Abnormal Pap testing and Colposcopy

Abnormal Pap tests

An abnormal Pap test, also known as a Pap smear or cervical cytology, indicates that there are abnormal cells present in the cervix. It is a screening test used to detect early signs of cervical cancer or other cervical abnormalities. Here are some key points to understand about an abnormal Pap test:

  • Causes of Abnormal Pap Test Results:
    • Human papillomavirus (HPV) infection: The most common cause of abnormal Pap test results is an HPV infection. Certain types of HPV can lead to cellular changes in the cervix.
    • Inflammation or infection: Other infections or inflammation in the cervix, such as bacterial vaginosis, yeast infections, or sexually transmitted infections, can cause abnormal Pap results.
    • Non-cancerous changes: Some abnormalities detected on a Pap test may not be cancerous but still require further evaluation and monitoring.
    • Other factors: Factors like hormonal changes, recent sexual activity, recent childbirth, or the use of vaginal creams or douches can occasionally cause false-positive results.
  • Follow-up Procedures:
    • Colposcopy: If your Pap test results are abnormal, your healthcare provider may recommend a colposcopy. It involves using a special microscope called a colposcope to examine the cervix more closely and identify any abnormal areas that may require further evaluation.
    • Biopsy: During a colposcopy, your healthcare provider may take a small tissue sample (biopsy) from any suspicious areas to be analyzed in a laboratory. The biopsy helps determine the presence and severity of any abnormal cervical cells.
  • Treatment and Management:
    • Treatment will depend on the specific abnormality identified. In many cases, monitoring and repeat Pap tests or colposcopies are sufficient to track any changes in the cervix over time.
    • If abnormal cells are found to be precancerous or cancerous, your healthcare provider may recommend further interventions, such as cryotherapy, laser therapy, cone biopsy, or other surgical procedures, to remove the abnormal cells or treat the underlying condition.
  • Importance of Regular Pap Tests:
    • Regular Pap tests are crucial for early detection and prevention of cervical cancer. They can help identify abnormal cervical cell changes before they progress to cancer.
    • Guidelines for Pap testing frequency may vary depending on your age, risk factors, and medical history. It’s important to discuss the recommended screening schedule with your healthcare provider.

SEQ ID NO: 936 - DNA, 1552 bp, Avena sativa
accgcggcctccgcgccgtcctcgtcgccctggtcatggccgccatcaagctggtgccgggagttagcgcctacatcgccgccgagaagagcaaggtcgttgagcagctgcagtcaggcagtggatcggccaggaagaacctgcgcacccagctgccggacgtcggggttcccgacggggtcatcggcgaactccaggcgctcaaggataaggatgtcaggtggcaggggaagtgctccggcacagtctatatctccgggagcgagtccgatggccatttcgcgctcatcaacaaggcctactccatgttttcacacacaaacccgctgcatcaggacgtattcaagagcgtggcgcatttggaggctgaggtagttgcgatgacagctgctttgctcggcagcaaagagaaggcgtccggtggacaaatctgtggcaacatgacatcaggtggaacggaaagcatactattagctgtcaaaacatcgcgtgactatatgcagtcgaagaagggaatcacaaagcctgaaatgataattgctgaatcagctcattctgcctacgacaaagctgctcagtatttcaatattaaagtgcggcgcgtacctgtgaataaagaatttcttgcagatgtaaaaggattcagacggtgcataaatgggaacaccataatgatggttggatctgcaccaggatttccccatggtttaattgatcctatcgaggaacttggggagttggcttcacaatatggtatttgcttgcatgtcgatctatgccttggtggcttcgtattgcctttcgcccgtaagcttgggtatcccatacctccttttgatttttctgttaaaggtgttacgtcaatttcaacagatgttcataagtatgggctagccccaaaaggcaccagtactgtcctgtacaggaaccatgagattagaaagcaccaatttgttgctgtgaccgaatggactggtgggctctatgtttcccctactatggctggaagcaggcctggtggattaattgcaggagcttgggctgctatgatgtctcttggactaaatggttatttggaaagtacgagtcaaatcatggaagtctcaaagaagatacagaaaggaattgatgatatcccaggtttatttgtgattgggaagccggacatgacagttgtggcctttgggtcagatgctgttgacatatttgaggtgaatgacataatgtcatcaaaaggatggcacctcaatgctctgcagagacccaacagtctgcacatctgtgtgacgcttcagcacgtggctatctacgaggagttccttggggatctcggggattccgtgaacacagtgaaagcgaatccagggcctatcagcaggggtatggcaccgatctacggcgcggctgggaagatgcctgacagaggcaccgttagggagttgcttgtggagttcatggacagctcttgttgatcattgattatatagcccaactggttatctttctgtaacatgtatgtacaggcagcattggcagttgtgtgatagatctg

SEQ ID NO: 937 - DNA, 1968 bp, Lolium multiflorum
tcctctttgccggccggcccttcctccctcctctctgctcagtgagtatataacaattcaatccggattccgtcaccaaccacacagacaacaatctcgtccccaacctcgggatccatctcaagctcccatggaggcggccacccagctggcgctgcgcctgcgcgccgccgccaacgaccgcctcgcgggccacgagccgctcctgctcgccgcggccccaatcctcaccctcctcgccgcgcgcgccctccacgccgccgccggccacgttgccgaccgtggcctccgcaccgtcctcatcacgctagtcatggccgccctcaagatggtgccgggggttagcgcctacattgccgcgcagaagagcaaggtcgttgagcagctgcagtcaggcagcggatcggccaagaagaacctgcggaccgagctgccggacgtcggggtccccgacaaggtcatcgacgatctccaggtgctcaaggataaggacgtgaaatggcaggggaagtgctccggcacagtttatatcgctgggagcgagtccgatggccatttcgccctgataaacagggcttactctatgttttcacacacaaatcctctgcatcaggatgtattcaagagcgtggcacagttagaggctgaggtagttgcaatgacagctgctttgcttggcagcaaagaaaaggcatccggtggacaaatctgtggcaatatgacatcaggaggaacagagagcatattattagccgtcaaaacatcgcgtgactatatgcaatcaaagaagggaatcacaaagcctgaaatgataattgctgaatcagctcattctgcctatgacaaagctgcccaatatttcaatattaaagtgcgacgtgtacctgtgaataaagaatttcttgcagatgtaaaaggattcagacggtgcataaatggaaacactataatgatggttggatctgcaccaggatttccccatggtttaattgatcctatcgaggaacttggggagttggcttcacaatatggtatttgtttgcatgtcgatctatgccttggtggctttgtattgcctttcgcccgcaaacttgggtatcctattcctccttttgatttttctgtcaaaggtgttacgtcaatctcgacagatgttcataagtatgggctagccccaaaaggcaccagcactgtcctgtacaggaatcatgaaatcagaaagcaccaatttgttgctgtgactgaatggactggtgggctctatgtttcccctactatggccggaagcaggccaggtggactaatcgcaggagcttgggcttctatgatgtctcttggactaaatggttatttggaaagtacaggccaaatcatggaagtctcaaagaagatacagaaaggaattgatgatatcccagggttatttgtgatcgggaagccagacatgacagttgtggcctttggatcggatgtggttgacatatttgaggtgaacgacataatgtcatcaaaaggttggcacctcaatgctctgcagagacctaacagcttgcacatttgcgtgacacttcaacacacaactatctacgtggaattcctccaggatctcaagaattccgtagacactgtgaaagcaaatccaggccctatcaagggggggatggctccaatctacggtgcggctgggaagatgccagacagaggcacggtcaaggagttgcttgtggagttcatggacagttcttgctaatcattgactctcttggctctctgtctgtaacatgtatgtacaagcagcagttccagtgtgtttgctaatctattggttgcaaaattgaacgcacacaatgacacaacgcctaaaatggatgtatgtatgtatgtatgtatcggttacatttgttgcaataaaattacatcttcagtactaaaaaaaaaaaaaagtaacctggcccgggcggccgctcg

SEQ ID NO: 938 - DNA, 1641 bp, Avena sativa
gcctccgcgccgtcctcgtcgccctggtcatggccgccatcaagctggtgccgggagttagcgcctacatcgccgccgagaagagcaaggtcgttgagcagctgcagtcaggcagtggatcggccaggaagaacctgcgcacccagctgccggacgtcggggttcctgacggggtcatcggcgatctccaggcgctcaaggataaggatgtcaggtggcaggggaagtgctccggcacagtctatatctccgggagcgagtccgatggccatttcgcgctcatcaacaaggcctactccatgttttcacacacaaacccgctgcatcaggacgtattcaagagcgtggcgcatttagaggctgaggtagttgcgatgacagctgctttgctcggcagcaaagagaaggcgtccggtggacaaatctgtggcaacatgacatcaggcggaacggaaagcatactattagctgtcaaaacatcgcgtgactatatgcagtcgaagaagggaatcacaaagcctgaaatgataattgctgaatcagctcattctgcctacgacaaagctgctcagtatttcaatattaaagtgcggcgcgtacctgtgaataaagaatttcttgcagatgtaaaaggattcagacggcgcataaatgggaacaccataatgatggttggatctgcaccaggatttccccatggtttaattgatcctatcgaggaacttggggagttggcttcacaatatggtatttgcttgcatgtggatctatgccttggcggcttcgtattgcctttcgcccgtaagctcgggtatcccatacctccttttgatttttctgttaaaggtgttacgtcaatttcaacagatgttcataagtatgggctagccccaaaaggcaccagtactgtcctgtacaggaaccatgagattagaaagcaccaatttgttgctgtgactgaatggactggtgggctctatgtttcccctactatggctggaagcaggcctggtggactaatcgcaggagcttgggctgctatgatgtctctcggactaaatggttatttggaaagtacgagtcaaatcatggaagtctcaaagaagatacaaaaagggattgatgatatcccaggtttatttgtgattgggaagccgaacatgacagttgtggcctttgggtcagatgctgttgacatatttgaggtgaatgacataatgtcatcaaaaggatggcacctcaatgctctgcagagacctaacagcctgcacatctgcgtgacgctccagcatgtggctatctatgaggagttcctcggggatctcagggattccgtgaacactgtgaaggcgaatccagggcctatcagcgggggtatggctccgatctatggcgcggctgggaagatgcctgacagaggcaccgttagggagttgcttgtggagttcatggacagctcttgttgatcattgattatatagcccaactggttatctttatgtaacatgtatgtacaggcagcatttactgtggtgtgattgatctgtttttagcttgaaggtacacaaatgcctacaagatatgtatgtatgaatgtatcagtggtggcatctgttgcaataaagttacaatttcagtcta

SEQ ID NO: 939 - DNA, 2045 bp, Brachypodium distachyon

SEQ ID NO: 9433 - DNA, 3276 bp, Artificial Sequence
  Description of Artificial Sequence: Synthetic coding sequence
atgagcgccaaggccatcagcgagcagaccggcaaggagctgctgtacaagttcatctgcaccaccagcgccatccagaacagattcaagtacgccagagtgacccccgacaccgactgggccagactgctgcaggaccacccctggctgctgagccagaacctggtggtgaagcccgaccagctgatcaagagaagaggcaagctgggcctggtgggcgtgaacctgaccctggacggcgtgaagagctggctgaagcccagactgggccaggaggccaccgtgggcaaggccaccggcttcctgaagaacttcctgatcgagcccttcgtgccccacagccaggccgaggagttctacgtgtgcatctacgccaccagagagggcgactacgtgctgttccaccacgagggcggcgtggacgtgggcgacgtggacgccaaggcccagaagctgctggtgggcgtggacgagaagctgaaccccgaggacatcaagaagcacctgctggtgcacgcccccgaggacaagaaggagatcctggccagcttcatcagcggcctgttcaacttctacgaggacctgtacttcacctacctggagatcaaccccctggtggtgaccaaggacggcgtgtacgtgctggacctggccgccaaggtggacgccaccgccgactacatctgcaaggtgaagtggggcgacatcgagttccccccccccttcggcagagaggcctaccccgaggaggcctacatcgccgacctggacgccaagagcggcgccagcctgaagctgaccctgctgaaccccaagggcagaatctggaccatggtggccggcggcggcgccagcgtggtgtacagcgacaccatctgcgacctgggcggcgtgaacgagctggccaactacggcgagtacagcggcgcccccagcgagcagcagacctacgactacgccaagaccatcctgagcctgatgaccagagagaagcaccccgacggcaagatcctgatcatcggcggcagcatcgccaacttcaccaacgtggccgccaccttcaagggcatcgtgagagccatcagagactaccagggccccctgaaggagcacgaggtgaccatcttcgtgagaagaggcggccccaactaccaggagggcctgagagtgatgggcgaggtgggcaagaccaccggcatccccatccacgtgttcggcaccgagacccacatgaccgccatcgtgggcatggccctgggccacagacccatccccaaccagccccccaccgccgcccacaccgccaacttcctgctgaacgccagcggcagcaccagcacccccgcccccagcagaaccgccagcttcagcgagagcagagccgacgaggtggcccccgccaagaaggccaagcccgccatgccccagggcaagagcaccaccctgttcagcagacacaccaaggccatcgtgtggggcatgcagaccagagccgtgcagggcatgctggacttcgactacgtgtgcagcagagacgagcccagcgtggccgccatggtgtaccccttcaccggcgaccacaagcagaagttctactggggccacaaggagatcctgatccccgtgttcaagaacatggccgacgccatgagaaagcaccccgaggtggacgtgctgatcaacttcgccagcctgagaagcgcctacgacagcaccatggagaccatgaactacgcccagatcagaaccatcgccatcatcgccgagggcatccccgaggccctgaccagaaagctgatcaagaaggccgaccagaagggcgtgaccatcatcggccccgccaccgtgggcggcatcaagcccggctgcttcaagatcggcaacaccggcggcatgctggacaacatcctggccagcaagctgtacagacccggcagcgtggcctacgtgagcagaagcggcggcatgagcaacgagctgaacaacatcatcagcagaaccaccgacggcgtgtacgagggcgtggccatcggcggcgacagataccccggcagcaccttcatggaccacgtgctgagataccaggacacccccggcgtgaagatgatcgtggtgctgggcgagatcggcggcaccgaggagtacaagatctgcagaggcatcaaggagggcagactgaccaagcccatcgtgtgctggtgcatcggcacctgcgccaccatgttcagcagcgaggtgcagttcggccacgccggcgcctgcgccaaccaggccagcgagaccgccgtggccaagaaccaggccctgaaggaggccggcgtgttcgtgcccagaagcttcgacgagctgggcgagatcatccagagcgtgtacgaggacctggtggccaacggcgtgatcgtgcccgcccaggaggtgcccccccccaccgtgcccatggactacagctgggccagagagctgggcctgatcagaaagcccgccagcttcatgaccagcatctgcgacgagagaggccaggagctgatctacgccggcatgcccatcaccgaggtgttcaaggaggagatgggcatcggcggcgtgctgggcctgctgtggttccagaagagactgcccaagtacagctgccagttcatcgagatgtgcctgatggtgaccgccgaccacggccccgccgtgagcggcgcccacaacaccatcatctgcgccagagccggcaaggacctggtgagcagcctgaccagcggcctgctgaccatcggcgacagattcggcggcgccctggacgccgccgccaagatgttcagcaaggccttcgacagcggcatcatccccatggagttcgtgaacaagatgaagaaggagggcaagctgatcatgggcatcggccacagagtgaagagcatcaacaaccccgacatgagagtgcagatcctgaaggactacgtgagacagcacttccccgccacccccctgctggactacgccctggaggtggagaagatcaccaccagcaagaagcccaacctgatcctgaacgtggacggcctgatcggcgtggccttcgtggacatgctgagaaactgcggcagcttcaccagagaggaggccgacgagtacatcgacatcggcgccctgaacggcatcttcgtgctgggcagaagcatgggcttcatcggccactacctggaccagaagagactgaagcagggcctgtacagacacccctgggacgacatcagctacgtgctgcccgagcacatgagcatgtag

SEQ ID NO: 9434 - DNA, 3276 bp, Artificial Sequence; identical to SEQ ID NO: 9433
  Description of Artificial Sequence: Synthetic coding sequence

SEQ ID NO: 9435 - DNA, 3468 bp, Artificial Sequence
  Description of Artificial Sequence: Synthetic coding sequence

Remember, an abnormal Pap test does not necessarily mean you have cancer. It indicates the need for further evaluation and monitoring to determine the cause and appropriate course of action. It is essential to follow up with your healthcare provider, discuss the results, and follow their recommendations for additional tests or treatments based on your specific situation.




Colposcopy is a medical procedure that allows for a detailed examination of the cervix, vagina, and vulva using a specialized instrument called a colposcope. It is typically performed when there are abnormal results from a Pap smear or when other cervical abnormalities are suspected.

Here are some key points about colposcopy:

  1. Purpose: Colposcopy is used to closely examine the cervix, vagina, and vulva to identify any abnormal areas or signs of precancerous or cancerous changes. It provides a more detailed visualization than what is possible with the naked eye.
  2. Procedure: During a colposcopy, you will lie on an examination table, similar to a pelvic exam. A speculum is inserted into the vagina to provide access and to keep the vaginal walls open. The colposcope, which is a magnifying instrument with a light source, is then positioned near the opening of the vagina to provide a magnified view of the cervix. The healthcare provider may apply a solution (usually acetic acid or vinegar) to the cervix to enhance visualization and identify any abnormal areas.
  3. Visualization and Biopsy: The colposcope allows the healthcare provider to closely examine the cervix and identify any suspicious areas. If necessary, a biopsy may be taken during the colposcopy. A small tissue sample is removed from the abnormal area using specialized instruments. The biopsy sample is then sent to a laboratory for further analysis.
  4. Discomfort and Duration: Colposcopy itself is generally well-tolerated by most individuals, although you may experience some mild discomfort or pressure during the procedure. The duration of the procedure can vary but is typically relatively short, usually around 10 to 20 minutes.
  5. Follow-up and Treatment: The results of the colposcopy and any biopsies taken will guide further management. If abnormal cells or lesions are identified, further treatment or surveillance may be recommended. Treatment options can include procedures to remove or treat the abnormal tissue, such as a cervical biopsy, loop electrosurgical excision procedure (LEEP), or cone biopsy.

It’s common to experience mild cramping or light spotting after a colposcopy, which should subside within a day or two. It is generally recommended to avoid vaginal intercourse, tampons, and douching for a brief period after the procedure.